Someday you could be taking orders from a robot ... but in a nice way.
For example, imagine a body suit with sensors that can guide you through a golf swing like Tiger Woods'. Or a robo-birdwatcher that can tell you where to look for that rare ivory-billed woodpecker. Or an android gardener that can show you where to plant your seeds.
Those are just some of the examples of robot-human interaction sketched out by experts in the field — examples that may well become reality in the next 10 years.
The next big trends in human-robot interaction were among the topics covered here last weekend during the annual meeting of the American Association for the Advancement of Science, featuring such pioneers as Cynthia Breazeal from the Massachusetts Institute of Technology.
Breazeal has worked with Hollywood types for years to create friendlier, more socially aware robots, and one of her projects involves the development of therapeutic robo-toys that could improve a patient's outlook. But she told MSNBC.com that the robots of the next decade may not always match the stereotypes of robotic people (think C-3PO from "Star Wars") or animals (such as the cuddly Teddy from "A.I.").
"The technology is becoming virtually ubiquitous," she said. "Before, when the first computers came out, there were rooms and rooms of computers. ... Now, they're [embedded] in the doorknobs. Robotics is going to be the same way. You're already seeing robotics integrated into your car today."
Robotic coaches and companions
The voice-enabled, GPS-based navigational systems in cars are arguably one type of robot. Another type could be built right into your clothing. Breazeal is already working on the concept of a sensor-equipped suit that would enable a robot to read your mood based on whether you're slouching or sitting up straight. She said the concept could also be applied to sports instruction — say, for tennis or golf. The robo-suit could read how your arms move through a swing, and even give you slight nudges to improve your form, she said.
That's not to say robots will take control of your life. Rather, they're more likely to serve as artificially intelligent advice-givers, assistants or companions, Breazeal said. As baby boomers become older, they'll still want to lead active lives — but they may well welcome a little robotic help to do it.
"If i want to cook a meal, and I can't do it by myself but I could do it with a robot ... if I want to garden but I have a hard time getting down and the robot can help me do that ... that's where I would find value, as opposed to just saying, 'Go do my gardening' or 'Go cook my meal,'" Breazeal said. "As we design technology, we have to respect the human life cycle."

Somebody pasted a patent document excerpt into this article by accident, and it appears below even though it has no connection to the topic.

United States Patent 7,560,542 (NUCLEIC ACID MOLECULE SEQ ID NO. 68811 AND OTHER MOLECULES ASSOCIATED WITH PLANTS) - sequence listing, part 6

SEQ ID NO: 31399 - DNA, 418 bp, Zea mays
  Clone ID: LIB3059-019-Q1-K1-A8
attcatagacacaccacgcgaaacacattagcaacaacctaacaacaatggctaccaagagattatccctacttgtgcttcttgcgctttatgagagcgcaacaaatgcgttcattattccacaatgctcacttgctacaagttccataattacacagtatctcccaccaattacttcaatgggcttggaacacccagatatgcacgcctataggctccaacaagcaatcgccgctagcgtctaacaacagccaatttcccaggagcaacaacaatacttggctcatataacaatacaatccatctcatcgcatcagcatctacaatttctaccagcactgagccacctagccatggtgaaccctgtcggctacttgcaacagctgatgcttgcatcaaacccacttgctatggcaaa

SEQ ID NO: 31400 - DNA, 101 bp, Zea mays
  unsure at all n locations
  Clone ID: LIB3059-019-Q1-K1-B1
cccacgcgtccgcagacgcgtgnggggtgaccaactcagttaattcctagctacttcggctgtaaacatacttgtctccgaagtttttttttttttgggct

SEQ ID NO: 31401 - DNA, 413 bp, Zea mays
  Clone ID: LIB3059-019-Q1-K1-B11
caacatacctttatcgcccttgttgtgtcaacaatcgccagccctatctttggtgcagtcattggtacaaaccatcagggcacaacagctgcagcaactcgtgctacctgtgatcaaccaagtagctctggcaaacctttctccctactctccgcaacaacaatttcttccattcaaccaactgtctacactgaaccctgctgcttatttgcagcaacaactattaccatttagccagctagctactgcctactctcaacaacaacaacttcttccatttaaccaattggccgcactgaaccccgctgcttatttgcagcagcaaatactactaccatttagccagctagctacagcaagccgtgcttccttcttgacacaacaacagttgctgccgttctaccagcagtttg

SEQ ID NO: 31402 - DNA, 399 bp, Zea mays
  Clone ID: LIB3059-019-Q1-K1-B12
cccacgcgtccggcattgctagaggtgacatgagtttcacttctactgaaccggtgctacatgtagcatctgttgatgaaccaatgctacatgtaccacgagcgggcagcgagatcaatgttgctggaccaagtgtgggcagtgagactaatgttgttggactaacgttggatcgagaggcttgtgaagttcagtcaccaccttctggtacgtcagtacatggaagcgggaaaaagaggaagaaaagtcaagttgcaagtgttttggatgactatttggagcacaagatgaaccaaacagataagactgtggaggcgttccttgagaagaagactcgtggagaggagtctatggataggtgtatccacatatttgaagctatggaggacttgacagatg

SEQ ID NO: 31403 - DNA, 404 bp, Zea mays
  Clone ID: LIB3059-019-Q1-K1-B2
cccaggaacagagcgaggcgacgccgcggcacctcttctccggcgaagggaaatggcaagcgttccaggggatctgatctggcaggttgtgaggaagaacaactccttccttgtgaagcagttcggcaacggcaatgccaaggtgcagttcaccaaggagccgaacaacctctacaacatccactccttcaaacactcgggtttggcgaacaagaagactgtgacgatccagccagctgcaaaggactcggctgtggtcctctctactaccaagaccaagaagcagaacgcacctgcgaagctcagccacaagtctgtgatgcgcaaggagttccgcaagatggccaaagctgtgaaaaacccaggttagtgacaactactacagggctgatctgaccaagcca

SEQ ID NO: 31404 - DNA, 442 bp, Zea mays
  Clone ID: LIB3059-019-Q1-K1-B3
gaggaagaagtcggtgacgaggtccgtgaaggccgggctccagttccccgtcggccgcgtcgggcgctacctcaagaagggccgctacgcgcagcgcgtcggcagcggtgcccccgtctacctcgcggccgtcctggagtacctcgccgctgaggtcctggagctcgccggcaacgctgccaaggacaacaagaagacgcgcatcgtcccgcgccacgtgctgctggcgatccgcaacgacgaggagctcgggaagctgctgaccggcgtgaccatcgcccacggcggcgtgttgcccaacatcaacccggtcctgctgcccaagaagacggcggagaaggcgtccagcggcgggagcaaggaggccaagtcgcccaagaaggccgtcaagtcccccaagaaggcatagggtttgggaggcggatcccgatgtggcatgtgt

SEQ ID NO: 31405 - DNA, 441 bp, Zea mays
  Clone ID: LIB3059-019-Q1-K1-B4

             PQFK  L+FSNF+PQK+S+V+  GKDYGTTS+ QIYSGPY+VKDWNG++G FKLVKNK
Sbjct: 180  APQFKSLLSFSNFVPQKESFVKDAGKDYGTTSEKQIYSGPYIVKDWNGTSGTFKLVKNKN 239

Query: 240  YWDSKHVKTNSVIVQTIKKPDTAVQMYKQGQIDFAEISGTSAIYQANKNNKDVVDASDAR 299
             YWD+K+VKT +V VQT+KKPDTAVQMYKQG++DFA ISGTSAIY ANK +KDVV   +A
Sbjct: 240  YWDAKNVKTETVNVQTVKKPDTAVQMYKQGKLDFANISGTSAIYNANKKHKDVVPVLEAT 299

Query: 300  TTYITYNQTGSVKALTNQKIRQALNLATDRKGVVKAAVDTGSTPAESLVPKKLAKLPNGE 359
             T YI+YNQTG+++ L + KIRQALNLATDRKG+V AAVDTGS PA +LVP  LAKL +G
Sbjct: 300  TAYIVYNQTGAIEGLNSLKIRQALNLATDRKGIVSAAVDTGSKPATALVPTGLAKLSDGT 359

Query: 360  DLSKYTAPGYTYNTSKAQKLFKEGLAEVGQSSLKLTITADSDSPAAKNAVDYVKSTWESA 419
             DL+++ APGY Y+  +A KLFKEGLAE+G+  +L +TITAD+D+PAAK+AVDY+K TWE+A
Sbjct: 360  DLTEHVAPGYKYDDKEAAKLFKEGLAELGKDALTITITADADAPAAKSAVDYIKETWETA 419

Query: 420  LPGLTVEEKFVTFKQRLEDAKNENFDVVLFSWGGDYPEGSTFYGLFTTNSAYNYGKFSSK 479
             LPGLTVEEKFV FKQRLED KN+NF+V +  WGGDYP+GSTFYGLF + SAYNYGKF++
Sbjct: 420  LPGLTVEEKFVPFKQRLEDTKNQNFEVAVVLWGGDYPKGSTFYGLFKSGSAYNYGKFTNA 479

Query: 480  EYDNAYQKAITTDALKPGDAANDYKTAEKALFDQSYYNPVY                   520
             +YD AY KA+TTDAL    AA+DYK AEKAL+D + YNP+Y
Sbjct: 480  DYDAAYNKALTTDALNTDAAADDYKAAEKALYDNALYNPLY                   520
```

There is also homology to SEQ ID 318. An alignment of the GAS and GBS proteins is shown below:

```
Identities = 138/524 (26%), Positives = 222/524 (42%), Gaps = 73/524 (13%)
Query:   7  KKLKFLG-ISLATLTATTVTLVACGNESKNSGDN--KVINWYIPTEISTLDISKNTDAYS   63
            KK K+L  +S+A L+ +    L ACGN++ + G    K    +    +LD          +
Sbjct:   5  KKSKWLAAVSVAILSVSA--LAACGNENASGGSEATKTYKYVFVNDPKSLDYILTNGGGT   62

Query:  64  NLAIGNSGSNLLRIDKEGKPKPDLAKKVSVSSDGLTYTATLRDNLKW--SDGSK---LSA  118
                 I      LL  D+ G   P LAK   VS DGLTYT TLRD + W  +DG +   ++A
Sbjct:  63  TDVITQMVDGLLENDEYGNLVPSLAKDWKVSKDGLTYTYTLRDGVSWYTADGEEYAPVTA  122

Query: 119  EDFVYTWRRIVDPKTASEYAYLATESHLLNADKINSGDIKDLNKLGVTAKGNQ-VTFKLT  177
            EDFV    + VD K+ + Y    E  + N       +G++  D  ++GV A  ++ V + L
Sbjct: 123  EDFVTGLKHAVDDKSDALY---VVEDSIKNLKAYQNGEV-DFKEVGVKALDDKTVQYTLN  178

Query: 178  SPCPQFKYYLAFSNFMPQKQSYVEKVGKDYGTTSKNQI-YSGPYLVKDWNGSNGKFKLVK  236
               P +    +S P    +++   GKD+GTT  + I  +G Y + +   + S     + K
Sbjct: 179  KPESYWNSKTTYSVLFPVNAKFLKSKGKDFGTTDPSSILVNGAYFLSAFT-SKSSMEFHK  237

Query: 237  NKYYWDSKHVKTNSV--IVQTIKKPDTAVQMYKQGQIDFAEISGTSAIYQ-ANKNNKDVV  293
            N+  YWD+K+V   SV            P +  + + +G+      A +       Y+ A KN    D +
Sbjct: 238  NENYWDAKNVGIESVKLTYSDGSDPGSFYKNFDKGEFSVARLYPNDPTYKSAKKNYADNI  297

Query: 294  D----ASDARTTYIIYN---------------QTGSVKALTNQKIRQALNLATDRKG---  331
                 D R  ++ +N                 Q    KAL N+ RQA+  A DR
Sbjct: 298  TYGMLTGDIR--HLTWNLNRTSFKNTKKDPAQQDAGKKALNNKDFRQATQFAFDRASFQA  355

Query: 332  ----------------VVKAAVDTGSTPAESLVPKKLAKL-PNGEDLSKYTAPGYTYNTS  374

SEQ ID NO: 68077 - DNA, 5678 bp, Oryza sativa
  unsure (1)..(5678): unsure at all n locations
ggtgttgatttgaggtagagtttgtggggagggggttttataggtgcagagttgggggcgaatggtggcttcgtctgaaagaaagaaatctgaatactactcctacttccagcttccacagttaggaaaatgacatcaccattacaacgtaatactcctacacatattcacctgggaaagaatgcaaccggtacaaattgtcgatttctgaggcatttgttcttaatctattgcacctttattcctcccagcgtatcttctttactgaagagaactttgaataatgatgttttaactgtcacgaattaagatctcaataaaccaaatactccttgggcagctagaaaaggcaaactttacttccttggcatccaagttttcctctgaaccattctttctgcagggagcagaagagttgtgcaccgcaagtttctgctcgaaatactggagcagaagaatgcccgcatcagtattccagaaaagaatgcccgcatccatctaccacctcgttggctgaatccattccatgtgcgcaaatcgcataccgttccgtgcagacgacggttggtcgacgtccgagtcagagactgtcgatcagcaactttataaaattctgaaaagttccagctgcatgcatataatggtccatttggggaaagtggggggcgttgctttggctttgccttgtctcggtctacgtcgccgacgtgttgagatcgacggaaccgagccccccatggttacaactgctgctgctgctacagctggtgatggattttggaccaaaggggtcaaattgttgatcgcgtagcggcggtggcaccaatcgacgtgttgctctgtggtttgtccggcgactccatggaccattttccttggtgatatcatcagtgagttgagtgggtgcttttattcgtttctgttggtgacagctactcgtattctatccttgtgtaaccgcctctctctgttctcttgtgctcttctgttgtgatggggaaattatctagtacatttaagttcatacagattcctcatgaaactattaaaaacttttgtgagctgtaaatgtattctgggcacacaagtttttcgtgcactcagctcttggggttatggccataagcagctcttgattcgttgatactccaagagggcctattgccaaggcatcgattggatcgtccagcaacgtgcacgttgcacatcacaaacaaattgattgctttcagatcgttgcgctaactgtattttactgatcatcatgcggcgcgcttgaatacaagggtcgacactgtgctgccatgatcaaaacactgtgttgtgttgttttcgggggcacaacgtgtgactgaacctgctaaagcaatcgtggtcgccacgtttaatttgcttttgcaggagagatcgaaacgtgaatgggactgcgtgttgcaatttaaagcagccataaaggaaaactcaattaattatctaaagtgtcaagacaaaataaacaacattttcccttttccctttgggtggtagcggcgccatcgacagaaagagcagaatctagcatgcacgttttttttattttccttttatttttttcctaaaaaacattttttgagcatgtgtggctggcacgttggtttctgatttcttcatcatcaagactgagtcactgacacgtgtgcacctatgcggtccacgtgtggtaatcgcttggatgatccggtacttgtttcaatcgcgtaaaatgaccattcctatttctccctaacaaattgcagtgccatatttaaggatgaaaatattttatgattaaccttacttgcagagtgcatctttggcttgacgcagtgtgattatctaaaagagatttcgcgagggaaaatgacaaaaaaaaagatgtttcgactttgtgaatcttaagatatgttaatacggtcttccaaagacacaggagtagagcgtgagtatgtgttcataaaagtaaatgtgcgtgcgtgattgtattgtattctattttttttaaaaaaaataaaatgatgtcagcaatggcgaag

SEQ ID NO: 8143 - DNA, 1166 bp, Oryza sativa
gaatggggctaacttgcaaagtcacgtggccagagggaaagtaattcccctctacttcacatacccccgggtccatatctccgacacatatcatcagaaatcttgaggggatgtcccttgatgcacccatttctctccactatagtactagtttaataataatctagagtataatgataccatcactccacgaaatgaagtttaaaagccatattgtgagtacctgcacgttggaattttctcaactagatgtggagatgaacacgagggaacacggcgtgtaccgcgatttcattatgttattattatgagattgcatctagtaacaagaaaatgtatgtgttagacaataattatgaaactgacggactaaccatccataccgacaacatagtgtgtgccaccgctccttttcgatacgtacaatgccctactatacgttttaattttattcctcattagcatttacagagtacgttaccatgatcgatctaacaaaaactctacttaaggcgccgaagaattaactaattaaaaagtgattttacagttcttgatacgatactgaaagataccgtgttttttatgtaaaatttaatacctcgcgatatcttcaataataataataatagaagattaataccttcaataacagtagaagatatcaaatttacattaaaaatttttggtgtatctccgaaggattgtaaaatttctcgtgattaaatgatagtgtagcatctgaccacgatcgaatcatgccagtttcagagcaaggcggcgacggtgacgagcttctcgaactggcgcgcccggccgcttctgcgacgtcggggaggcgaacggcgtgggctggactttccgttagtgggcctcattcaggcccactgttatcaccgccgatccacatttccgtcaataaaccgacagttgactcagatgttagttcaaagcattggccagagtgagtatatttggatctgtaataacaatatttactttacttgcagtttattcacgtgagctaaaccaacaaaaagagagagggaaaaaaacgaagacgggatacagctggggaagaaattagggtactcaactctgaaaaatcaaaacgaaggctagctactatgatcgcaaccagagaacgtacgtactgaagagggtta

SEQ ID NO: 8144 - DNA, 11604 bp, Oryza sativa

Robots on the watch
Robots would also make good sentinels: Ken Goldberg of the University of California at Berkeley described his robotic camera system, ACONE, which has been set up in the remote Arkansas woods to look for signs of the elusive ivory-billed woodpecker. ACONE sifts through a stream of video imagery, hanging onto the pictures that appear to show birds in flight. After three months of continuous operation, the system has identified birds such as red-tailed hawks and blue herons, Goldberg said.
"The next level is to determine what is a woodpecker as opposed to another bird," he said.
The video-sorting system could be used for other applications as well, ranging from traffic monitoring to border patrol. "The other thing we can look for is UFOs," Goldberg added.
Robotic sentinels may be watching closer to home as well. Even now, a rudimentary form of nanny-bot is on the market, capable of keeping an eye on the human nannies who are supposed to be watching the kids, said David Calkins of the Robotics Society of America.
"They've already been proven effective in terms of [seeing] nannies who are shaking babies or nannies leaving the house," he said. "In the future, I think that will be taken many steps farther. Instead of just checking in on the nanny, the robot can become the nanny. The robot can actually watch the children — to make sure the children don't leave the house, or that there are no fires, things like that."
Robots on the march?
The anticipated rise of the robots in everyday life already has sparked worries that automatons could someday become overlords rather than underlings. Prominent futurist Ray Kurzweil projects that computers will match the capability of the human brain by the year 2029, leading to a socio-technological "singularity" that cannot be anticipated.
Breazeal said progress would likely come more slowly than anticipated. "There are a lot of hard problems that all have to come together," she said.
But Calkins predicted it was just a matter of time before the various technologies that go into robots — including humanlike mobility, artificial vision and machine intelligence — were combined in new breeds of robots.
"I think that singularity is inevitable," he said.